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The time was 2:35am as the crew of Squad 4 was being diverted off a previous call. Dispatch relayed the information, “Squad 4 respond to a MVC involving three vehicles, with a confirmed entrapment.” This stretch of Interstate 95, has been a consistent location for bad entrapment crashes. As the officer on Sq-4, it was the moment of truth. Climbing off the rig, among a maze of damaged vehicles, I remained focused on the task at hand. Each member of the crew had a task.  After grabbing the cutters and placing them on the tool tarp, I started my walk-around filling out my mental checklist. Several frantic bystanders were surrounding the heavily damaged vehicles. As I glanced back towards the apparatus, I saw my crew working without direction; a tool tarp full of equipment, stabilization complete, battery secured, light tower on the rise, hose-line being pulled and posts being checked for airbags. In the late night hours there was no applauding audience, but I was proud of my crew.

The only “always” in extrication is that each call will be different than the last. Many times the extrication process must be rapid while at other times a more methodical approach must be used. Whether you are a career or a volunteer firefighter, both of these types of operations will flow if you develop a consistent and efficient extrication sequence.

One remark I routinely hear from departments is, “We don’t have access to cars, so we can’t regularly train on extrication techniques.” In my opinion, that type of mentality is totally off base and usually needs followed up with a question. “Does your crew ever train on increasing their overall efficiency on scene?” Consistently the answer is “no”. If anyone is familiar with my training programs, you will understand that I am a big advocate on making extrication training as realistic as possible. In my opinion extrication incidents, due to their high number, provide excellent opportunities for firefighters to “save a life”. The more the company training mimics real incidents, the more prepared crews are for what awaits them when the tones go off.

When setting up an extrication sequence, I prefer to separate training into two categories: skill practice and efficiency practice.


Skill practice is just as it sounds. Practice is the foundation that we must build upon in order to be consistently successful. Quality training gives you efficiency, muscle memory, confidence and an enhanced concentration level. It is the training that focuses on the individual skills and knowledge that are necessary in extrication. Training covers the how’s, the whys, and the equipment that will facilitate the extrication process. Instructor experience also will play a huge role in this training. Without skill practice, efficiency will not be possible. Knowing the skills will allow the individual to stay ahead and keep you ready for the next move.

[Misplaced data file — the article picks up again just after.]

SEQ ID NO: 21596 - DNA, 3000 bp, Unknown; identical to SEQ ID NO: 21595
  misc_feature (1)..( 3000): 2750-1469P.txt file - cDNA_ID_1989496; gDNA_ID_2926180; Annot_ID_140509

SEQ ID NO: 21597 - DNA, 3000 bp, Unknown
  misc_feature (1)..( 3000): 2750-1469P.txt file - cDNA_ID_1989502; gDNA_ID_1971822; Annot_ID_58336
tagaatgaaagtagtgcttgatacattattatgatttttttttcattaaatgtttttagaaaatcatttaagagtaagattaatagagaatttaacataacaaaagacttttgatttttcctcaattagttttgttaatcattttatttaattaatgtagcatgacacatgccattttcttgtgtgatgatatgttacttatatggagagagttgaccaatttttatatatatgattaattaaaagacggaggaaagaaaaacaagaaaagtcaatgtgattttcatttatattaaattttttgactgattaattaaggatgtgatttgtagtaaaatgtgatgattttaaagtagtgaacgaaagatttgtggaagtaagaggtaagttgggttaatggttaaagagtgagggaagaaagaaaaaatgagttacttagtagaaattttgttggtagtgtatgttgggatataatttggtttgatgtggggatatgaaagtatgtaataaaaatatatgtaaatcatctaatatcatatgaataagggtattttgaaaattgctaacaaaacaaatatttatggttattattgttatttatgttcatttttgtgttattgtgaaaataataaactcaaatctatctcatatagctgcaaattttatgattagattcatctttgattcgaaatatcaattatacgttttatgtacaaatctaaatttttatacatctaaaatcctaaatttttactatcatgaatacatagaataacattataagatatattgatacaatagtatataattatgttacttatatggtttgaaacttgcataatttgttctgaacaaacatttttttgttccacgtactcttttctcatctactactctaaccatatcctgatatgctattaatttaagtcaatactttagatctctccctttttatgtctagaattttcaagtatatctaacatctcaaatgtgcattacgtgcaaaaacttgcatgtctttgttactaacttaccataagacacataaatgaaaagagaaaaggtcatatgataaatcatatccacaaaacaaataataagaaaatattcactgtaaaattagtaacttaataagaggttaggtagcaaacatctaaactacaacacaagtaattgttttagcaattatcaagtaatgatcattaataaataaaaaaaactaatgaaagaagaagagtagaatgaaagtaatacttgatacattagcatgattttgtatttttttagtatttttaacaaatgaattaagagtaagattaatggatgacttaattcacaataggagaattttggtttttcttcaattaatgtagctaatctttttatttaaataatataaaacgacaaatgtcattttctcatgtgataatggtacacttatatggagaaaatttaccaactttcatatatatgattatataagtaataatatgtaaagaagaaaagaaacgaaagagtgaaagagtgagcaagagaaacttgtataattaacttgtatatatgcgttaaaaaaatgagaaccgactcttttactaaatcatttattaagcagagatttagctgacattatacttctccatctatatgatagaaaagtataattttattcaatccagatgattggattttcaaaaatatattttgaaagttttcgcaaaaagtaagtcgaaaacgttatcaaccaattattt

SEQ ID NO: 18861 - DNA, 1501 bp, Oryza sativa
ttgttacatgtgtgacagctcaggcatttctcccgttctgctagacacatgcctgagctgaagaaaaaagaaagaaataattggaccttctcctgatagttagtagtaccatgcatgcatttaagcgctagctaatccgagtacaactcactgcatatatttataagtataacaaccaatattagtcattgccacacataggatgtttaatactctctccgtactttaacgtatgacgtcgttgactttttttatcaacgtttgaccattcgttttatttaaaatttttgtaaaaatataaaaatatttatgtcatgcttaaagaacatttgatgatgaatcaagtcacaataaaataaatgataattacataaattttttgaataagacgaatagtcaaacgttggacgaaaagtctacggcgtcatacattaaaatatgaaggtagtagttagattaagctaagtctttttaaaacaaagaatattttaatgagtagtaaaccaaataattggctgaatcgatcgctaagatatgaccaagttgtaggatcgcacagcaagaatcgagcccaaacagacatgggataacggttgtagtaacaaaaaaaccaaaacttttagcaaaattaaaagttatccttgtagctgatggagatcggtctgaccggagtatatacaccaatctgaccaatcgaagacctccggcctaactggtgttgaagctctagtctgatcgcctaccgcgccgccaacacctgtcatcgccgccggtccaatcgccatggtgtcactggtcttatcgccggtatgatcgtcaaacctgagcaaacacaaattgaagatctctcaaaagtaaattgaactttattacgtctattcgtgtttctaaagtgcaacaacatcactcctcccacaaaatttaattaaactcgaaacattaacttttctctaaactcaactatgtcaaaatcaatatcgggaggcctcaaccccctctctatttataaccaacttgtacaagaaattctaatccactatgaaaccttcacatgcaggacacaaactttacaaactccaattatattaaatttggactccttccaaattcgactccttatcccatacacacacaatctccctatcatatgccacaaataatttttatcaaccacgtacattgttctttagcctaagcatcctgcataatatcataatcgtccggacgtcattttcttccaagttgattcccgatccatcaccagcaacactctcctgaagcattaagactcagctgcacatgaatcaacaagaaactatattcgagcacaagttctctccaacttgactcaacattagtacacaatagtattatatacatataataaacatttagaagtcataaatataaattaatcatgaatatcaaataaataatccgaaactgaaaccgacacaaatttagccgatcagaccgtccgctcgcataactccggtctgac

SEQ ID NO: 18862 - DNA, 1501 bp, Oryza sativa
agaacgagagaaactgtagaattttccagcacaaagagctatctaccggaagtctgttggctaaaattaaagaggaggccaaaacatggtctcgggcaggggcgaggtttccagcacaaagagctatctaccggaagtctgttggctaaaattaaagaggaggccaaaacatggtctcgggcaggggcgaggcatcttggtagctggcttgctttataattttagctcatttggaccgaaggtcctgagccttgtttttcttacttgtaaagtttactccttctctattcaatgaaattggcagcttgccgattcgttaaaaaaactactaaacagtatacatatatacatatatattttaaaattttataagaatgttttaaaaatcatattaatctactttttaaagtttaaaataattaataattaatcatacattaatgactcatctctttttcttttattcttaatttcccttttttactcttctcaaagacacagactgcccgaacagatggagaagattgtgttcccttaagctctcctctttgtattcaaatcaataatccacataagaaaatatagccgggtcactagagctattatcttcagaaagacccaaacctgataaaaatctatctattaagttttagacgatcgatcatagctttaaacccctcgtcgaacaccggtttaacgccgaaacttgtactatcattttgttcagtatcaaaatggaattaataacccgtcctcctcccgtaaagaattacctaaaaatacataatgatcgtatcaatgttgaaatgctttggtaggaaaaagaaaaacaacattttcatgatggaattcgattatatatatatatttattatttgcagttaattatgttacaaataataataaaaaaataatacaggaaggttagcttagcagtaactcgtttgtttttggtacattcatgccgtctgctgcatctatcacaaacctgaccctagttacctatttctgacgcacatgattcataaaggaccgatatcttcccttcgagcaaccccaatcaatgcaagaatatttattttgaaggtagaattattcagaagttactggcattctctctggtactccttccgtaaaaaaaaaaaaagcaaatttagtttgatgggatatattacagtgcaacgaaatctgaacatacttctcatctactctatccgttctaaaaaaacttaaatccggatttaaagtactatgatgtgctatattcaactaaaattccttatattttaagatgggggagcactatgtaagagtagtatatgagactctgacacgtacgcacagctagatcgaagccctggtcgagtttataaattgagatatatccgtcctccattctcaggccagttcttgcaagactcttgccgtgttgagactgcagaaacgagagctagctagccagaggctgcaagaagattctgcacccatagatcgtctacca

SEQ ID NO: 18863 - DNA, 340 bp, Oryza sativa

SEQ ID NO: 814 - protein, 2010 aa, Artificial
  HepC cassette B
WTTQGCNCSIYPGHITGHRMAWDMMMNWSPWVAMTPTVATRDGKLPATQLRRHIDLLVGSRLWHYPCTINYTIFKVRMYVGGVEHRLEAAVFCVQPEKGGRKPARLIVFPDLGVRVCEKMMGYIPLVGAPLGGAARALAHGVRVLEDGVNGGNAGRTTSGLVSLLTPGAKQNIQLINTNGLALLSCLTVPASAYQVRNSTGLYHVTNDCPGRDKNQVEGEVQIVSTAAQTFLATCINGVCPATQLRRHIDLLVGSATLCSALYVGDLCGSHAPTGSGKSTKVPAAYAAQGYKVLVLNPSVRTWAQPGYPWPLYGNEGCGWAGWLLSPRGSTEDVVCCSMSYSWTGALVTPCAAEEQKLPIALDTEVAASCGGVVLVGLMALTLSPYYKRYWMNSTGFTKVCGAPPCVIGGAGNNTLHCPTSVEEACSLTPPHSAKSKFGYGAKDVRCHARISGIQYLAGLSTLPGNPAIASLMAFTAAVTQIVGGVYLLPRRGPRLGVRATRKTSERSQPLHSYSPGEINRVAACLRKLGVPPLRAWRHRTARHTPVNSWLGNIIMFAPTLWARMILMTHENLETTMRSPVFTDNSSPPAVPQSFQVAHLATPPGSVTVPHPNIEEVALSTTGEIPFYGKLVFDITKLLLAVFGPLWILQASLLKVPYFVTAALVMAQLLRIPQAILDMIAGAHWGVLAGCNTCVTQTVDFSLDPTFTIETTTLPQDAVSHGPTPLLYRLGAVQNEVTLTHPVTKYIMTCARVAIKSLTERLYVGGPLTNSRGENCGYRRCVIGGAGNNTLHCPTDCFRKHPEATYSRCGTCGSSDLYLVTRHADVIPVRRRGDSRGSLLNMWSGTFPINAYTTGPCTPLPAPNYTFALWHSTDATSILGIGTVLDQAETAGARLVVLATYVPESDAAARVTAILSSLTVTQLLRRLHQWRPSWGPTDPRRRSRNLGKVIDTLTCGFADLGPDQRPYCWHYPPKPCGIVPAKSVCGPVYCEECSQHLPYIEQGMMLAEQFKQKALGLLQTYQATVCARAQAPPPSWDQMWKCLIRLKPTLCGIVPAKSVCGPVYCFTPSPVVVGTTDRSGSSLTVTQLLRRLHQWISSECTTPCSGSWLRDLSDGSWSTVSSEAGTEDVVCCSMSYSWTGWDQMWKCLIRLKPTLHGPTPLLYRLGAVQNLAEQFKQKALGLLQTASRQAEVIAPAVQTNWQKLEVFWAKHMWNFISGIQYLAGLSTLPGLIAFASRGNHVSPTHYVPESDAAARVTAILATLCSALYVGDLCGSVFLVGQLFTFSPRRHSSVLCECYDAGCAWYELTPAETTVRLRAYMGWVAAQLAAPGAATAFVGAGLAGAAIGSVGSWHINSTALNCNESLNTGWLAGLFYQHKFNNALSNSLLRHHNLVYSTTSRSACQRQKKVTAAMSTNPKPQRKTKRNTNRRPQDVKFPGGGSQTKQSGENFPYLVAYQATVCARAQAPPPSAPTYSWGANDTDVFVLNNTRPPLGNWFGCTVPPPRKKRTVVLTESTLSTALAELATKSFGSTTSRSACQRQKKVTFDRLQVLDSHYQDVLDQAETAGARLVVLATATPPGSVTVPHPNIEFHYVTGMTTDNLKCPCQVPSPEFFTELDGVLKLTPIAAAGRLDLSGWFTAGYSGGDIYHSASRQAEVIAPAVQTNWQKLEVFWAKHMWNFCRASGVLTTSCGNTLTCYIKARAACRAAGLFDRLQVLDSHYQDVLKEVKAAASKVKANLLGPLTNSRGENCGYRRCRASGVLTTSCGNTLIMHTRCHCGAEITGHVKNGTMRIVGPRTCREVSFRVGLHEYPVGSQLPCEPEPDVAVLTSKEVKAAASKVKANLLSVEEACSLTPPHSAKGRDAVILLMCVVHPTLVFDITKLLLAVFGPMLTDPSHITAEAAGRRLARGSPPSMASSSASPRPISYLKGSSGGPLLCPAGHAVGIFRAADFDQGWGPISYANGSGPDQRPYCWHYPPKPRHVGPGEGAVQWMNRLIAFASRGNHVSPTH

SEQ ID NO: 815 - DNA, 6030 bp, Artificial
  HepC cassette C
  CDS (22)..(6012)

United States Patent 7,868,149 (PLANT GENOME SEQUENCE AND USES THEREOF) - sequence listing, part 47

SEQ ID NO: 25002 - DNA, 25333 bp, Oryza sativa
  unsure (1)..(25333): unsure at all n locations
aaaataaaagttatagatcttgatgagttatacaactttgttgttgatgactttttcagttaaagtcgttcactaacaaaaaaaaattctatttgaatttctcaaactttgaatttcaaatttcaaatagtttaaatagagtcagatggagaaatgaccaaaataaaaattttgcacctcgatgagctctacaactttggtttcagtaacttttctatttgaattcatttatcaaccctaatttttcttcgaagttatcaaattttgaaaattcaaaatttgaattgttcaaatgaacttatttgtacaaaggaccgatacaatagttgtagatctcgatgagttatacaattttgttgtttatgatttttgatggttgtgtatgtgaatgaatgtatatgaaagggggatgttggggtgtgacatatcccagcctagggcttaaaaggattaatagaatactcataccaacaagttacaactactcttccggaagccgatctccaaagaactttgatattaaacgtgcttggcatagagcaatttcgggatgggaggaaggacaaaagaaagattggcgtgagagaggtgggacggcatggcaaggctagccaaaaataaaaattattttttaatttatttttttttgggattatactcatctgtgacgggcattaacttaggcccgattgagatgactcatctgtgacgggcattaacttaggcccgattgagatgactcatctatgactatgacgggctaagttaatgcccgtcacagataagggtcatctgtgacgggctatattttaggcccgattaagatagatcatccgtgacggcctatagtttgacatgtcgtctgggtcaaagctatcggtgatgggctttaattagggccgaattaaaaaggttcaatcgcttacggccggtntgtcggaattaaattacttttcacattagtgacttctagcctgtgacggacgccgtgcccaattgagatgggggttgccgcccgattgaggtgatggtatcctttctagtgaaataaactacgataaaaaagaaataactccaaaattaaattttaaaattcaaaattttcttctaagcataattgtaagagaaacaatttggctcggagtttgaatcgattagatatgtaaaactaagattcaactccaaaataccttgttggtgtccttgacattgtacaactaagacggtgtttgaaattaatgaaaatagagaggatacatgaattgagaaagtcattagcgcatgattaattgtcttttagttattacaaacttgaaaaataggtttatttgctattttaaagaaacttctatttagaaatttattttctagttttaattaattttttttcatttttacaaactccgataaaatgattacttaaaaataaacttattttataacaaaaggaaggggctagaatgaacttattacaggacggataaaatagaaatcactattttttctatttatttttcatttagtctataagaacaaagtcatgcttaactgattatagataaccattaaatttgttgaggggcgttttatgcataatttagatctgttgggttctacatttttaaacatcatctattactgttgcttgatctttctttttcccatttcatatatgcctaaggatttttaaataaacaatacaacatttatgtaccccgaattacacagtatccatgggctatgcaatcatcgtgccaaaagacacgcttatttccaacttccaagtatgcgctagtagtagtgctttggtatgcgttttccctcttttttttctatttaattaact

Efficiency is being competent at a specific job or practice.  Practicing efficiency will put each piece of the extrication puzzle together (refer to my upcoming article: (“Efficiency Breeds Speed”). When a fire department responds to a working fire, does your crew know what their role will be? Do they know what tools to take or do you have to say it enroute? It takes practice, but your crew will respect having a general plan in place and it will show through your actions on scene.

I cannot stress enough, that being able to operate efficiently and consistently is one of the most important factors necessary to provide a successful outcome. When dispatched to an emergency, there are always variables that are not present in training. Entrapment types and patient conditions will vary which may alter the crews tactics and rhythm. Sometimes the operators of the extrication tools will need to take a faster approach, while other times the process must be slower and more technical in nature. This flexibility in timing needs to be learned in practice, so it can be applied realistically in the field. While training, mix it up and proceed as if you only have a small window of opportunity to free trapped victims. Questions such as “Can we make up time, can some methods be bypassed, or what has to be done in regards to safety, should be considered.  Accelerate your extrication sequence and concentrate on those skills that are mandatory. Make sure all of the bases are covered in regards to the safety of your crew and trapped patients. Altering the timing of your routine will prepare you to make critical decisions when lives hang in the balance.


There are many components to a skilled crew for extrication operations, but one of the most important elements is developing a strong foundation upon which to build upon. Begin your extrication program by spending time developing flexibility in your decision making and mastering efficiency. If you reduce the amount of unneeded actions to accomplish the goal, the results will quickly show on the scene. Crews need to focus and execute, pulling from muscle memory each time. As you enhance your efficiency and skills level, so will your confidence.

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